Lemex That's Lord Lemex to you. Contributor

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    Those rules for writing are taken from an essay on political writing. He was putting them down as 'rules', aiming them at political pamphleteers so they would not mislead the public - by having bad ideas behind impressive-sounding vocabulary, not writing in general.
     
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  20. Steerpike

    Steerpike Felis amatus Contributor

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    Makes sense. I don't think they work as general guidelines for fiction, except possible for #4. Otherwise, whether to adhere to them is story specific (even true with respect to #4, but I think as a rule people try to avoid passive voice these days).
     
  21. Lemex

    Lemex That's Lord Lemex to you. Contributor

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    The passive voice only gets a lot of stick in the English speaking world, for some reason - to the point that when I was a teacher it was honestly a bit of a nightmare to teach. 'Sir? So .... the passive voice is just the past tense?' I know a few foreign teachers who find this hosility toward the passive voice infuriatingly baffling.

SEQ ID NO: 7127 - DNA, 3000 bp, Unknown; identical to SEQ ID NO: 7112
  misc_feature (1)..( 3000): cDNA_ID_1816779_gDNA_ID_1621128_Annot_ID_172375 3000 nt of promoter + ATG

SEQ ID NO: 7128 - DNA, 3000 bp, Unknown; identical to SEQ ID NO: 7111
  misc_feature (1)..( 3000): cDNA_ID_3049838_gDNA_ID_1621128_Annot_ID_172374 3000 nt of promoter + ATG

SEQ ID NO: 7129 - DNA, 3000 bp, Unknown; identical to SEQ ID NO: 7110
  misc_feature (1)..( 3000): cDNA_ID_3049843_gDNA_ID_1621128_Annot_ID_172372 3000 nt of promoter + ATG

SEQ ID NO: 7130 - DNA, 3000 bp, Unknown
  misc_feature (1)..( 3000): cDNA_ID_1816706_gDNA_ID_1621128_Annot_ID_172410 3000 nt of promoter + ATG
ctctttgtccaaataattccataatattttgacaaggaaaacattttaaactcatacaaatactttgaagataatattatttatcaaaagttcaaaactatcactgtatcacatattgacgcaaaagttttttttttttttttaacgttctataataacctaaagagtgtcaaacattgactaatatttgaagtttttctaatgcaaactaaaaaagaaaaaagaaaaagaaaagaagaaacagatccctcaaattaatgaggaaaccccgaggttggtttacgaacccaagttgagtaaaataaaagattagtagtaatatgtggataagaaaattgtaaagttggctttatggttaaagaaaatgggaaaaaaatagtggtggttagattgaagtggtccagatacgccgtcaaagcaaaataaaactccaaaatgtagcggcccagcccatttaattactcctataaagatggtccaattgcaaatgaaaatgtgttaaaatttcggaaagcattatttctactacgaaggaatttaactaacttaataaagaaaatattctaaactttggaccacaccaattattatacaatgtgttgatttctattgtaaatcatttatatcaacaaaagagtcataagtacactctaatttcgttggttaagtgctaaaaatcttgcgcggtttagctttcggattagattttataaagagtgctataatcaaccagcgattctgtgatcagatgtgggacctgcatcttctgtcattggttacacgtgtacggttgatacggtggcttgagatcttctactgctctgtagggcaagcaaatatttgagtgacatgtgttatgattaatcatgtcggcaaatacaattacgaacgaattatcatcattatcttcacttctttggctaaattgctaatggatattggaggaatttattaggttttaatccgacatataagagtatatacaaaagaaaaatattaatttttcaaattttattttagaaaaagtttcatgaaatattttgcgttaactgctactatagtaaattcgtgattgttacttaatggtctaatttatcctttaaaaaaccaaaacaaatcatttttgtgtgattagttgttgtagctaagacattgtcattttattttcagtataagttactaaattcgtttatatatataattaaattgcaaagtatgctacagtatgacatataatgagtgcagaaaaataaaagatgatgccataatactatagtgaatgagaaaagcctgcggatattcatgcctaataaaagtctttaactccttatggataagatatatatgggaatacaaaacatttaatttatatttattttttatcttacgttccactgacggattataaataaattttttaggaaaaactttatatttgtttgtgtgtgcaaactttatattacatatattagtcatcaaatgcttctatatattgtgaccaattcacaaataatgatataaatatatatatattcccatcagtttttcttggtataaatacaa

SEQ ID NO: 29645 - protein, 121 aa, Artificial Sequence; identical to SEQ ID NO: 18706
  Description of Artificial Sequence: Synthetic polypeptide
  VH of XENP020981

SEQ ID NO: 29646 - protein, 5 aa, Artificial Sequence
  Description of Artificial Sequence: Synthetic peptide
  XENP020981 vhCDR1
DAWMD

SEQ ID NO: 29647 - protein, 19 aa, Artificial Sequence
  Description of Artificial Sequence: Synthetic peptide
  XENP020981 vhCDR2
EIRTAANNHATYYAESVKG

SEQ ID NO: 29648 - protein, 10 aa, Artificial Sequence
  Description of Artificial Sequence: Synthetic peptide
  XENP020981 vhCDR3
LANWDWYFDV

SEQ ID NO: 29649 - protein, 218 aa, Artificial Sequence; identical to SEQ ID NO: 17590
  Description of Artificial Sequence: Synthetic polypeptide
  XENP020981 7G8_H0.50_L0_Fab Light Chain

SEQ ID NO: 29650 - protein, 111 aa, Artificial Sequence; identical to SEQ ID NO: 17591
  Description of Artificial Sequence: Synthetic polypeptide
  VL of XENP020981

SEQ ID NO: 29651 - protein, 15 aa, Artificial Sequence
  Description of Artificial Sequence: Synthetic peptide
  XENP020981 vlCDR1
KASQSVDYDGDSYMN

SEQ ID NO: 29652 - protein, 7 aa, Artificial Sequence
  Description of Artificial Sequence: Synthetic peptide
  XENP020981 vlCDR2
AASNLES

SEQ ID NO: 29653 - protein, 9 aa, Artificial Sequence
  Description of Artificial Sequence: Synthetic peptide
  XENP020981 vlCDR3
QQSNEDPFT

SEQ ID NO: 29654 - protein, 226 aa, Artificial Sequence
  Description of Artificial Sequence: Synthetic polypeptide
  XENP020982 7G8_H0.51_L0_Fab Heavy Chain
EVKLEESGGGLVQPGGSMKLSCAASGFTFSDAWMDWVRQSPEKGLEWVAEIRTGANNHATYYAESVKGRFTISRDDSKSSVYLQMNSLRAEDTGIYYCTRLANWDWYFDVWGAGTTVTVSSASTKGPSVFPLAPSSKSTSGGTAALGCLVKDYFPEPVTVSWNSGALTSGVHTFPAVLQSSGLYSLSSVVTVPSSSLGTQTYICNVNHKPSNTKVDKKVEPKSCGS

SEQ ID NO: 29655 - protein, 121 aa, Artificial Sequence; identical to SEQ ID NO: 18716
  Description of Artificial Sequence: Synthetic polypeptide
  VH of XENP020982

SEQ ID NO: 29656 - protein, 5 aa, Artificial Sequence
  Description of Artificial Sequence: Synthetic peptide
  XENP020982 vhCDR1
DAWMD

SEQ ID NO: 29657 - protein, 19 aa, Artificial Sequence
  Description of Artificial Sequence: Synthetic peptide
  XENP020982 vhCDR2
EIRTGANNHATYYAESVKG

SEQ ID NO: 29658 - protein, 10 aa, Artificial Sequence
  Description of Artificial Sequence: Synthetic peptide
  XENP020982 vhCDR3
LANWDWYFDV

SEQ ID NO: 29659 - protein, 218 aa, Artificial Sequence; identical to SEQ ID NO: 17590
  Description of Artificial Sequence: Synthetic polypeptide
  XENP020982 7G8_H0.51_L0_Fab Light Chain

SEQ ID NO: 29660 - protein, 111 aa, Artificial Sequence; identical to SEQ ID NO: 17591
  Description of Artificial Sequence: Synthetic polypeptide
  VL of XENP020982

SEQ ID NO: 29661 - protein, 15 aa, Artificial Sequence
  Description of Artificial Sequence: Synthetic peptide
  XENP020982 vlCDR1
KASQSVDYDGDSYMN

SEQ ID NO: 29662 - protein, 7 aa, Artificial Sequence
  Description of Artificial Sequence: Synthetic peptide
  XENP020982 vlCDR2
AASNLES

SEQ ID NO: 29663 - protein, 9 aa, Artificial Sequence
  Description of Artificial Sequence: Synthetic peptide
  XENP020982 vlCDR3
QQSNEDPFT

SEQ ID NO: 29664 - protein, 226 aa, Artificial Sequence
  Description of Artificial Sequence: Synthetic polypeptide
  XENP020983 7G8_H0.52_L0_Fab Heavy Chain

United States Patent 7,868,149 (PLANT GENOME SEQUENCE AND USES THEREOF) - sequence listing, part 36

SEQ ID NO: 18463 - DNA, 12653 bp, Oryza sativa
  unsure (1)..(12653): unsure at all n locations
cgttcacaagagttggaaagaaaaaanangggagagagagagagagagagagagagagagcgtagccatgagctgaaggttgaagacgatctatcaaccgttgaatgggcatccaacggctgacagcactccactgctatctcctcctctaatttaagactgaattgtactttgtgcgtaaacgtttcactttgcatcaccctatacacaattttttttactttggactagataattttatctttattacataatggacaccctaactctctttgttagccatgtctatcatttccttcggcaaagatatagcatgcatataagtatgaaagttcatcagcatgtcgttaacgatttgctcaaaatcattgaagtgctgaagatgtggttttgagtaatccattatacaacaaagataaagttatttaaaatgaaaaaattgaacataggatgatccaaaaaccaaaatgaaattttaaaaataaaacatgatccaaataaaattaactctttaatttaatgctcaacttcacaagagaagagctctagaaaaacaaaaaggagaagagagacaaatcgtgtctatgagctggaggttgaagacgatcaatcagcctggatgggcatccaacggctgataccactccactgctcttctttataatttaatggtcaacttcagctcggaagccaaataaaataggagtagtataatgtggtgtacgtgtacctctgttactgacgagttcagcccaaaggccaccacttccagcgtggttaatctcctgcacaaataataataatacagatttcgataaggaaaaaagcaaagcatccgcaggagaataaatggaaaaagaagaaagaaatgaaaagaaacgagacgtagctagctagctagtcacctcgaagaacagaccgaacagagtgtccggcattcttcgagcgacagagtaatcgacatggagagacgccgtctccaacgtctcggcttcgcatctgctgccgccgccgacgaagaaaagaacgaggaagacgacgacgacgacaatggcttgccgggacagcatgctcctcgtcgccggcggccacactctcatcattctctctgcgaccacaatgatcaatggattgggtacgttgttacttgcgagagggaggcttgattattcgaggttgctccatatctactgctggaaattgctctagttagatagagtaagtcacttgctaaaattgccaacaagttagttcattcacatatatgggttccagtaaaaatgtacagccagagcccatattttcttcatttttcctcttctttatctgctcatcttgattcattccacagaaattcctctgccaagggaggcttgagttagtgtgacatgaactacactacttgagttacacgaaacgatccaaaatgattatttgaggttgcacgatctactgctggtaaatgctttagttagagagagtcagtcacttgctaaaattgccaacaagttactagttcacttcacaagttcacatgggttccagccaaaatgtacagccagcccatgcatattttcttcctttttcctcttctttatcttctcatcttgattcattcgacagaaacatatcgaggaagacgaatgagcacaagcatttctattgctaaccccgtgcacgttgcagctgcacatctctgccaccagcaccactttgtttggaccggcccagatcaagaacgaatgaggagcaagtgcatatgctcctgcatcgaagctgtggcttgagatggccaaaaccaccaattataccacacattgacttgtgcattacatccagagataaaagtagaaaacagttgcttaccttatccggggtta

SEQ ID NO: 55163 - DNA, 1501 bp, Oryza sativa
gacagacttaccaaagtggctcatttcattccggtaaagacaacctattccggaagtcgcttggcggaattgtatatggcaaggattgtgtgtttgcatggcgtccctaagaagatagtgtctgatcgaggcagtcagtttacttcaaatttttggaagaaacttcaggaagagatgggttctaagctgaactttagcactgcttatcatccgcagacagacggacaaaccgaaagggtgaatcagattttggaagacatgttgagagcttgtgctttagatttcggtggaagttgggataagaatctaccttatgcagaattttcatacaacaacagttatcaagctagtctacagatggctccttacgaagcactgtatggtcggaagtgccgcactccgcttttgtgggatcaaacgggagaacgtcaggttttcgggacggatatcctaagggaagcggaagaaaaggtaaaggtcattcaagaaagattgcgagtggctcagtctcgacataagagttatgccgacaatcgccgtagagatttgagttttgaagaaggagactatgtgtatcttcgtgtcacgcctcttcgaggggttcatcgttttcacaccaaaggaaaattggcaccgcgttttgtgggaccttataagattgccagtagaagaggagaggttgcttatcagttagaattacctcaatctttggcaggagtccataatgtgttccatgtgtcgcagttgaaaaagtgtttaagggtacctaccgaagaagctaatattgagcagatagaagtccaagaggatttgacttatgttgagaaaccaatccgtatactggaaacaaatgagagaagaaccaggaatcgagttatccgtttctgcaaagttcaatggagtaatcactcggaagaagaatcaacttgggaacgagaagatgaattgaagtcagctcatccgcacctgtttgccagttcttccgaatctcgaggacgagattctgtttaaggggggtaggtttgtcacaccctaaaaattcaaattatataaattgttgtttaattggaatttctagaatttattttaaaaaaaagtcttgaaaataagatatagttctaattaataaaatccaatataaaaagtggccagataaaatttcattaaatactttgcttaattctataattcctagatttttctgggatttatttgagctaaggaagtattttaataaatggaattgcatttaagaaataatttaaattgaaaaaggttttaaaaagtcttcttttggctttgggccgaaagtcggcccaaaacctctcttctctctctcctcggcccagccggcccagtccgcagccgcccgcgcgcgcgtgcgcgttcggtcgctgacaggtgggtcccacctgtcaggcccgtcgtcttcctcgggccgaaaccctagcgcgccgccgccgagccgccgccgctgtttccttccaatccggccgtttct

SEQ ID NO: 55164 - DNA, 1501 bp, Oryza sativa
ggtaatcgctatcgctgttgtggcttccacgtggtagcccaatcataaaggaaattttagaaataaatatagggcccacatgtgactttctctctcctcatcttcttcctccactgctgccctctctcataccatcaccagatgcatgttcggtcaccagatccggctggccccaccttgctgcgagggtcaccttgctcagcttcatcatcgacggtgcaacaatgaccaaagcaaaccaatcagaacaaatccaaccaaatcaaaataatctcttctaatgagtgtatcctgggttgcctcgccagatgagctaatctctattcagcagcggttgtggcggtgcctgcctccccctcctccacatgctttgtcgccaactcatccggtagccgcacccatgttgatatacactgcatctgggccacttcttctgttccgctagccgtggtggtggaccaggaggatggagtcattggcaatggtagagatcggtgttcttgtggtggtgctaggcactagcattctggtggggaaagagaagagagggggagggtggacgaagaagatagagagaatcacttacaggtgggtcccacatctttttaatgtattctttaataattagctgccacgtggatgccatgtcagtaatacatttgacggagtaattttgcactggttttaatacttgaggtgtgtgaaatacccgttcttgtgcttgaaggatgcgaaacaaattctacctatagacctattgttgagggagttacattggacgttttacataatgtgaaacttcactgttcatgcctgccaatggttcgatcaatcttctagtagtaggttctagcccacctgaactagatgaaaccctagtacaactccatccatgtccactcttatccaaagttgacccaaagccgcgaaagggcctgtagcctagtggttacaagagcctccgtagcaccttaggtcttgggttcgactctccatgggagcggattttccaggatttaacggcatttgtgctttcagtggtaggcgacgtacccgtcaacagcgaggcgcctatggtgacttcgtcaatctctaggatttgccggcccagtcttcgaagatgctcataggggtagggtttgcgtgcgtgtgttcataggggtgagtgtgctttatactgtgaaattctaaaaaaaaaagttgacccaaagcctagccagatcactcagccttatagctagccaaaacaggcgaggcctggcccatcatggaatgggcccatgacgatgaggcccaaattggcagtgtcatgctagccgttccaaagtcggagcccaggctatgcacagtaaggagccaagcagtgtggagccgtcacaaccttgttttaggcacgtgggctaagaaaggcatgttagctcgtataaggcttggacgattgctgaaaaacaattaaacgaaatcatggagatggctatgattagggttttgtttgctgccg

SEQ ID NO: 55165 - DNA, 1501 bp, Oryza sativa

I don't really understand why. Sometimes it's just unavoidable, 'This is drawn by a very well known artist' - sounds fine to my ear, while 'A very well known artist draw this' just does not have the same emphasis, and it doesn't sound as nice. To me anyway. I'm against the passive voice being abused though, and it genuinely depends on the tone of a piece of writing.